The 1921 Tulsa Race Riots in Tulsa, Oklahoma, is believed to be one of the most violent racial events in American history. Over the course of several days, Greenwood, a prosperous Black community in Tulsa known as “Black Wall Street,” was burned to the ground by white vigilantes. Black and White people were killed during the riots.
The Greenwood community rose to prominence because of Black entrepreneurship. O.W. Gurley bought 40 acres of land in 1908. He separated them into plots, vowing to sell them to “negroes only.” By 1921, the community had blossomed with well-educated and successful Black families. Greenwood had a school, library, stores, hotels, a bowling alley, two newspapers, and even a newly minted Baptist church. There were Black doctors, dentists, lawyers. Elegant homes dotted the landscape. Many residents felt proud to call “Black Wall Street” or “Little Africa” their home.
But a set of events one Spring day would prove fatal or this prosperous Black community. Everything on Black Wall Street would soon be destroyed.
On Monday, May 30, 1921, a White woman named Sarah Page accused Dick Rowland, a 19-year-old Black shoe shine man, of raping her in an elevator in the Drexel building. Both of them had business to attend to that day. Page worked as an elevator operator, and Rowland came to deliver some shined shoes. Stories about what transpired differ. Some suggested the two had a lover’s spat, and others say Rowland fell into her. Sarah screamed, and when White men arrived, she accused Rowland of rape.
Police officers quickly arrested Rowland. The Tulsa Tribune ran the headline: “Nab Negro for Attacking Girl in Elevator.” Their framing all but convicted Rowland in the public arena. Many Greenwood residents feared White Tulsans would lynch him. After all, one year prior, a Tulsa mob lynched a Black man, Claude Chandler.
An angry White mob gathered around the courthouse, threatening violence. Some 25 Black men thwarted their plans when they joined the crowd, armed and ready to protect Rowland. They wanted him to receive a fair trial, something rare for Black men in 1920s America.
According to witnesses, a White man tried to disarm one of the Black men, who happened to be a veteran. The Black man refused to relinquish his weapon. A shot rang out. Chaos ensued. For two days, rioters destroyed Black Wall Street and the surrounding Greenwood community. They bombed businesses and lit fires to homes. People lost their lives.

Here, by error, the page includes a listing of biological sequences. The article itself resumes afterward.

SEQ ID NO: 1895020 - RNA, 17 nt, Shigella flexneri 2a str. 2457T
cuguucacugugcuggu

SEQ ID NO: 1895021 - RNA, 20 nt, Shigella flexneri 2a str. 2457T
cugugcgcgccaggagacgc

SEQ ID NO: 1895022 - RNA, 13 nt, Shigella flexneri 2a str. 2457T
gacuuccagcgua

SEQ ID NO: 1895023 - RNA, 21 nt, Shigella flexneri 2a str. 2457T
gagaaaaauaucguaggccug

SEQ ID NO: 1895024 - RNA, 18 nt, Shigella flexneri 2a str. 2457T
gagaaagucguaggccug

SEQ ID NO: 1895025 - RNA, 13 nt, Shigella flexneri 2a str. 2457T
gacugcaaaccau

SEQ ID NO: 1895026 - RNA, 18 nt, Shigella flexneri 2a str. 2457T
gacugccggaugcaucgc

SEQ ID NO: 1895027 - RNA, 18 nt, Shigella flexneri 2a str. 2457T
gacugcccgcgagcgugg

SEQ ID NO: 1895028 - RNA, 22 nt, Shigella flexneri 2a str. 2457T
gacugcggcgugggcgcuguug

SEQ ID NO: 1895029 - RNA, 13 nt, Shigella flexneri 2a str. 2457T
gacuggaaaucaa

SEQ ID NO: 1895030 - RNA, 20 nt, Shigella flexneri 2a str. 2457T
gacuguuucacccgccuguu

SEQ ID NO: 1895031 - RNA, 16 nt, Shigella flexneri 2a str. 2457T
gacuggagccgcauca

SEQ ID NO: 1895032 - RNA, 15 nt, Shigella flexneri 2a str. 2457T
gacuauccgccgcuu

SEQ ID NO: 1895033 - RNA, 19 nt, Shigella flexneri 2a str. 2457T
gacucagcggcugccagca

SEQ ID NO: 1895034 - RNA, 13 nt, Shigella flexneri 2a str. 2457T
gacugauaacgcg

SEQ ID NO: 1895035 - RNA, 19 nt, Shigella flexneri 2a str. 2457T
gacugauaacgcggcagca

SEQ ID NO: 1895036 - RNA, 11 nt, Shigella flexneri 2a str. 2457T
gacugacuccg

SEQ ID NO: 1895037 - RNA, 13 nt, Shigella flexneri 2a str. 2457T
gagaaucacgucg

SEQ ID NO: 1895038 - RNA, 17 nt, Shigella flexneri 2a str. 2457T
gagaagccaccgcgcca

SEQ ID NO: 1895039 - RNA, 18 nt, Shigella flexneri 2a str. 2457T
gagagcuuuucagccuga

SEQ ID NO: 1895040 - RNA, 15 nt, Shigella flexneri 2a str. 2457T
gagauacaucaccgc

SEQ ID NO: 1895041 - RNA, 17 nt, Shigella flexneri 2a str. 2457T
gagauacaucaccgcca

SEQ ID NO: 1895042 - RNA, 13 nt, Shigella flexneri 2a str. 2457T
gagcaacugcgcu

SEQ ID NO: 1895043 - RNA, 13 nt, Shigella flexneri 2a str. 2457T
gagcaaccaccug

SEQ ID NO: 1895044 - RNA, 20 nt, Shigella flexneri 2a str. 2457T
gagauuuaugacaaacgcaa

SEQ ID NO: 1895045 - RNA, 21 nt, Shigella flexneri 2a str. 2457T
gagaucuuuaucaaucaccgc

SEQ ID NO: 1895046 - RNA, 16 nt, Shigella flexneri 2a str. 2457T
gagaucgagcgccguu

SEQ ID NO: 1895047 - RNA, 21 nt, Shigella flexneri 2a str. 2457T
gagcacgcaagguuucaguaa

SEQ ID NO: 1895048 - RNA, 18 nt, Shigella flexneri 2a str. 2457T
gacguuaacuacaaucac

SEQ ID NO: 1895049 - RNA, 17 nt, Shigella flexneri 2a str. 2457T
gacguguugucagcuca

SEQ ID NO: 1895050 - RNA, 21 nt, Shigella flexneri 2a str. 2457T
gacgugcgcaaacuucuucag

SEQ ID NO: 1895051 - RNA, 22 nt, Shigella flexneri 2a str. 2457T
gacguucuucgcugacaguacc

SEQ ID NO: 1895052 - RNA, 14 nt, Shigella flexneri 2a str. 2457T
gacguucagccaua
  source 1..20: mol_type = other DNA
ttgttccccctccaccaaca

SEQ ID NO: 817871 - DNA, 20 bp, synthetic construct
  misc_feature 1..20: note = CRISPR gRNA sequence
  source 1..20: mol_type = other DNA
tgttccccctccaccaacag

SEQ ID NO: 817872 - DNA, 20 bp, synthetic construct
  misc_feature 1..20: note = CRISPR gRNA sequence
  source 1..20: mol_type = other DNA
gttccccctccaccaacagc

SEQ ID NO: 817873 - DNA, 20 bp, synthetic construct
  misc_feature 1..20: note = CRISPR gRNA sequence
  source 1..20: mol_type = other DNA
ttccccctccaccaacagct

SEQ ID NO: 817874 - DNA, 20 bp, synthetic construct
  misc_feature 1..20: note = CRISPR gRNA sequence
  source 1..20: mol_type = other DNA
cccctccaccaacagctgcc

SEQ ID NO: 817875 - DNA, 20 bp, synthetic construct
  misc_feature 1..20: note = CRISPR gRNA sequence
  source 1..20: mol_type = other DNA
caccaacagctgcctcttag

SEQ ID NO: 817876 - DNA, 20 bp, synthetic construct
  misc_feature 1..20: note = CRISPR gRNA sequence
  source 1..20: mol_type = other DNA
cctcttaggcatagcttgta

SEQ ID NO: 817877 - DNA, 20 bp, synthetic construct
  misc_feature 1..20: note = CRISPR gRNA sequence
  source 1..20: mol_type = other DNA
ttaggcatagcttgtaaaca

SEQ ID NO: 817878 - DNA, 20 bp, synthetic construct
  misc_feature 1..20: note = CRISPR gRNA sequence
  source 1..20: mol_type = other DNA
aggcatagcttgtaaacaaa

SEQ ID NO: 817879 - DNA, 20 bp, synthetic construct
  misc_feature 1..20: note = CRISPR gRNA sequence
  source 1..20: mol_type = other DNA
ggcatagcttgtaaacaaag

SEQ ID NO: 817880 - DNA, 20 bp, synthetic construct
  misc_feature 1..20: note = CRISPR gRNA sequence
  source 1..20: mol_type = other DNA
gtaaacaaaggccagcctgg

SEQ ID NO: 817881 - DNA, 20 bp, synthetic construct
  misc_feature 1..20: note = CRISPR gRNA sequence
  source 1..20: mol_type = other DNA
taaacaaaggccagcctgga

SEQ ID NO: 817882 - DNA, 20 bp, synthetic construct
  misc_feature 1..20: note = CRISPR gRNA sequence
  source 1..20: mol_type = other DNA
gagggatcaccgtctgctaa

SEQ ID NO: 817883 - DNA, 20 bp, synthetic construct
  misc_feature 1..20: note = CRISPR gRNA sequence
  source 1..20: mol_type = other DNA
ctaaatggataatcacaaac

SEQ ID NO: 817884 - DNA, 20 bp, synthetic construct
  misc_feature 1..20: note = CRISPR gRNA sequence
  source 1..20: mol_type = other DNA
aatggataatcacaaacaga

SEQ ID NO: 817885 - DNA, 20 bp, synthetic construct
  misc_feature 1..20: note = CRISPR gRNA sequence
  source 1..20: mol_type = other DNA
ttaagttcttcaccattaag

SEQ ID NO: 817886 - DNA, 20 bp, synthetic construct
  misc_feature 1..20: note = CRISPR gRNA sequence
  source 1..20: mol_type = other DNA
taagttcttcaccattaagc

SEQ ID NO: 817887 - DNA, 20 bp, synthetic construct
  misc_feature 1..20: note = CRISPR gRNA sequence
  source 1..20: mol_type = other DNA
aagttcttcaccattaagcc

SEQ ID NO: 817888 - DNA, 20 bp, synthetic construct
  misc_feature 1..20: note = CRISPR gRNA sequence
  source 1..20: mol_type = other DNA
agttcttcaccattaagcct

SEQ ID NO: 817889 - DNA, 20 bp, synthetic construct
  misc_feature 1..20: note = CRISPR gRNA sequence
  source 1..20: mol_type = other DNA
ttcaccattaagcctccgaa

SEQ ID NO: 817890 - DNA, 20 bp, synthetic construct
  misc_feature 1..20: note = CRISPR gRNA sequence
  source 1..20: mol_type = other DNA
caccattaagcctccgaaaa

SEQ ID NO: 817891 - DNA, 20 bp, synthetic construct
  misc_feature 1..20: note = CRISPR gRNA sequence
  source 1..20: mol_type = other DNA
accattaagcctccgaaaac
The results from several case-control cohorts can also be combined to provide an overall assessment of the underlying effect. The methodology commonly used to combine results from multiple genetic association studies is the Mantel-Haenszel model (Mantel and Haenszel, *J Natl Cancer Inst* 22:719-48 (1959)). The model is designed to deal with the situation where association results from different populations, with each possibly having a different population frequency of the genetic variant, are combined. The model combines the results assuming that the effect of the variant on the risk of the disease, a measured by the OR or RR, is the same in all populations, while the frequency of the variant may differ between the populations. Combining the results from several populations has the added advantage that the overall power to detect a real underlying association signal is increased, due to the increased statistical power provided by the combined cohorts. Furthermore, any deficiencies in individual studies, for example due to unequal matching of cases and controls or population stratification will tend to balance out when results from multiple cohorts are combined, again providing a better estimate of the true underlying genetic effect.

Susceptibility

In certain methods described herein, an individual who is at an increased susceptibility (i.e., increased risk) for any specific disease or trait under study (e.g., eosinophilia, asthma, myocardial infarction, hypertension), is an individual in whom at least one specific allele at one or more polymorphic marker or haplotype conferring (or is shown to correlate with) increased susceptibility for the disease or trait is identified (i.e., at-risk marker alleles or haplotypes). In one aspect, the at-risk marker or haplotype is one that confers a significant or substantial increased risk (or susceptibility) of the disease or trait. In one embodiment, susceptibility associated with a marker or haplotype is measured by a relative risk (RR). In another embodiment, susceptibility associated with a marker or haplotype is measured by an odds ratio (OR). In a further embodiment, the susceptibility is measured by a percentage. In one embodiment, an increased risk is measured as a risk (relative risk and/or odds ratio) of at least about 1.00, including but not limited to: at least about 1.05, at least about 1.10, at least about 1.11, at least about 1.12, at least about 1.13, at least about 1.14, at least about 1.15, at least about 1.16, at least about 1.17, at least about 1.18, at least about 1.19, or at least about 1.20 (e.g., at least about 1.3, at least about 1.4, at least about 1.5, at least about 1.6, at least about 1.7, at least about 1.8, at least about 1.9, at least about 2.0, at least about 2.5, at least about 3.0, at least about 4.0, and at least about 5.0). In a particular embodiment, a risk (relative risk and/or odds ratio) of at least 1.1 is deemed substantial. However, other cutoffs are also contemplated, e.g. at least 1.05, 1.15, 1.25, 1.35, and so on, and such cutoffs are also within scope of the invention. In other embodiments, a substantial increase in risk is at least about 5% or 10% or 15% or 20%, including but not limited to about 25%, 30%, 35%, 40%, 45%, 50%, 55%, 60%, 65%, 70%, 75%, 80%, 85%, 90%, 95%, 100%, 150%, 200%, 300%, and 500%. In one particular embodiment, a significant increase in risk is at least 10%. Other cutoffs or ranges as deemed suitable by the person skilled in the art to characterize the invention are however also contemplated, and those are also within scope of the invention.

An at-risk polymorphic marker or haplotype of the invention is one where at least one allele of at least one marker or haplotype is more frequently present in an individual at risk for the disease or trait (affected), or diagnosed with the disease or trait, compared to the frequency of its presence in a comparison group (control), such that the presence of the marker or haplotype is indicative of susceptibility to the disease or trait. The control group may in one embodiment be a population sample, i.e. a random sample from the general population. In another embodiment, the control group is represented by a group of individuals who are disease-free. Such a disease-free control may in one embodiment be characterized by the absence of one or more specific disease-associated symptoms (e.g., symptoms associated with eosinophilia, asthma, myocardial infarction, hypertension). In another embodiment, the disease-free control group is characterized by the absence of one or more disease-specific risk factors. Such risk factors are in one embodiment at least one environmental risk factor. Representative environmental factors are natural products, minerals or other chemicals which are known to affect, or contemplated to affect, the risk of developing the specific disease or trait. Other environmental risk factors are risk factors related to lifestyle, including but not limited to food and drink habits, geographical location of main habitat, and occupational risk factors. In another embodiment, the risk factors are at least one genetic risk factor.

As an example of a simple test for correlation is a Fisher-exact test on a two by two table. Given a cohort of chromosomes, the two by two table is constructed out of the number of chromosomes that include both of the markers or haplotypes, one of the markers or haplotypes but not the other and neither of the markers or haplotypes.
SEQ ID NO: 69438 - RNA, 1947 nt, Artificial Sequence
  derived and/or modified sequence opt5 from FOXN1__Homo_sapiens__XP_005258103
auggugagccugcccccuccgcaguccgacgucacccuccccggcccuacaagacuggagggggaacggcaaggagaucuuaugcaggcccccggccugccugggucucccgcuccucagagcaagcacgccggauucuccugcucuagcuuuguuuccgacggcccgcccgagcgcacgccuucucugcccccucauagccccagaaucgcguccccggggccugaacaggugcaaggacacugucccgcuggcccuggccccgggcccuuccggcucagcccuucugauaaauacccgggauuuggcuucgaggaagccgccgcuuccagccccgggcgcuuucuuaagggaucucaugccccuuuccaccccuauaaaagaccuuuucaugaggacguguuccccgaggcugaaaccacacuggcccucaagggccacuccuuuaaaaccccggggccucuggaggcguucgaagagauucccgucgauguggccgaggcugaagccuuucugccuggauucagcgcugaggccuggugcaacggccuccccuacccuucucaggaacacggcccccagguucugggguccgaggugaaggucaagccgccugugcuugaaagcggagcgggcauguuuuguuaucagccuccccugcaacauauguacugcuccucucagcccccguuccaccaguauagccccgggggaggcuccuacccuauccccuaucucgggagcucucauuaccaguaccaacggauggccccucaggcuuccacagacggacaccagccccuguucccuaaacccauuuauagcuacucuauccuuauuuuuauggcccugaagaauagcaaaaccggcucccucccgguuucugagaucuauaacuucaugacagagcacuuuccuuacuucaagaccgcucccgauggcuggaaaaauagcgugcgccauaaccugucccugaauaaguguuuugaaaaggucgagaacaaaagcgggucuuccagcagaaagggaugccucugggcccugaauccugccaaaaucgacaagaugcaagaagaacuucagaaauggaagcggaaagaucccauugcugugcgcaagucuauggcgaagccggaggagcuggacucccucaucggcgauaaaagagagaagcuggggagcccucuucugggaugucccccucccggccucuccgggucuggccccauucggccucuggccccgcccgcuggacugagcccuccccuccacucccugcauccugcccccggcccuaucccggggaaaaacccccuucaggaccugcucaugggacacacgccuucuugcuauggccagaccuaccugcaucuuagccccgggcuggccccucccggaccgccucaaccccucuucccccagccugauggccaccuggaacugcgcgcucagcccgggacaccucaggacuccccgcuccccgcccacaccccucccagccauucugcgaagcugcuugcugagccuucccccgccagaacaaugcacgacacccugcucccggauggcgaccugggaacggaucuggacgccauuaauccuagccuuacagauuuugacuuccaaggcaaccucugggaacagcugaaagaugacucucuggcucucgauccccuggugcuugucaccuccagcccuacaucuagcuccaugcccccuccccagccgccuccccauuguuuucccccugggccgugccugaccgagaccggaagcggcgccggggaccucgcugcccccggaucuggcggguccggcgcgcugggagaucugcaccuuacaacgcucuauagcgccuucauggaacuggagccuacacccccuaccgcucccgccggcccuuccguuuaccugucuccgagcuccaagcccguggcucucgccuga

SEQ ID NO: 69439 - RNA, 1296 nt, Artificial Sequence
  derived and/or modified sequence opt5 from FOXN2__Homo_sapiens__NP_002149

As the Centennial approaches, here are five things you should know about the 1921 Tulsa Race Riot.
1. Tulsa Race Riot or Tulsa Race Massacre?
Officials originally called this incident a race riot. Tulsa’s Historical Society and Museum now refer to the 1921 attack on Greenwood as the Tulsa Race Massacre.
The term “race riot” implies that both Black and White people played an equal role. Yet, White rioters burned Black-owned homes and businesses to the ground. They dropped bombs out of airplanes. The once beautiful town of Greenwood became a war zone. White people chased Black people and terrorized them. This wasn’t a fight between willing warriors; it was a one-sided attack. Oxford’s dictionary defines a massacre as “the killing of a large number of people especially in a cruel way.”
Mabel E. Little, in her unpublished biography, wrote that “airplanes dropped incendiary bombs to enhance the burning of Mount Zion Baptist Church and business buildings.” A reporter for the Oklahoma City Black Dispatch wrote that “Airplanes were seemingly everywhere.” (1921TulsaRaceRiotCommission, 2001, p.64)
2. Police deputized 500 White men and boys
The police failed to act as neutral arbiters of justice. They fanned the flames, providing white rioters with guns and ammo. There were no dog whistles that day, just plain old racist pillaging.
As many as five hundred white men and boys were sworn-in by police officials as “special deputies.” — The 1921TulsaRaceRiotCommission
These White men and boys, many of who did not know what sparked the incident, used their new authority to torment Greenwood residents. Some used a machine gun to kill dozens of Black people indiscriminately. The juxtaposition of joy and pain could not be more transparent.
To say the police failed Greenwood would be an understatement. They cosigned the massacre of Black people by arming White rioters. Tulsan officers sided with chaos, cruelty, and lawlessness instead of peace.
According to Laurel G. Buck, a white bricklayer who was sworn in as one of these “Special Deputies,” a police officer bluntly told him to “Get a gun and get a nigger.” — The 1921 Tulsa Race Riot Commission
3. White rioters destroyed 35 city blocks
What happened in Tulsa was not a mistake or a momentary error of judgment, as evidenced by the magnitude of the damage. White rioters destroyed 35-square blocks of the Greenwood community. O.W. Gurley’s dream and the dreams of so many Black families died that day. According to the Red Cross’s report, Black Wall Street was systematically destroyed by rioters over the course of 18 hours.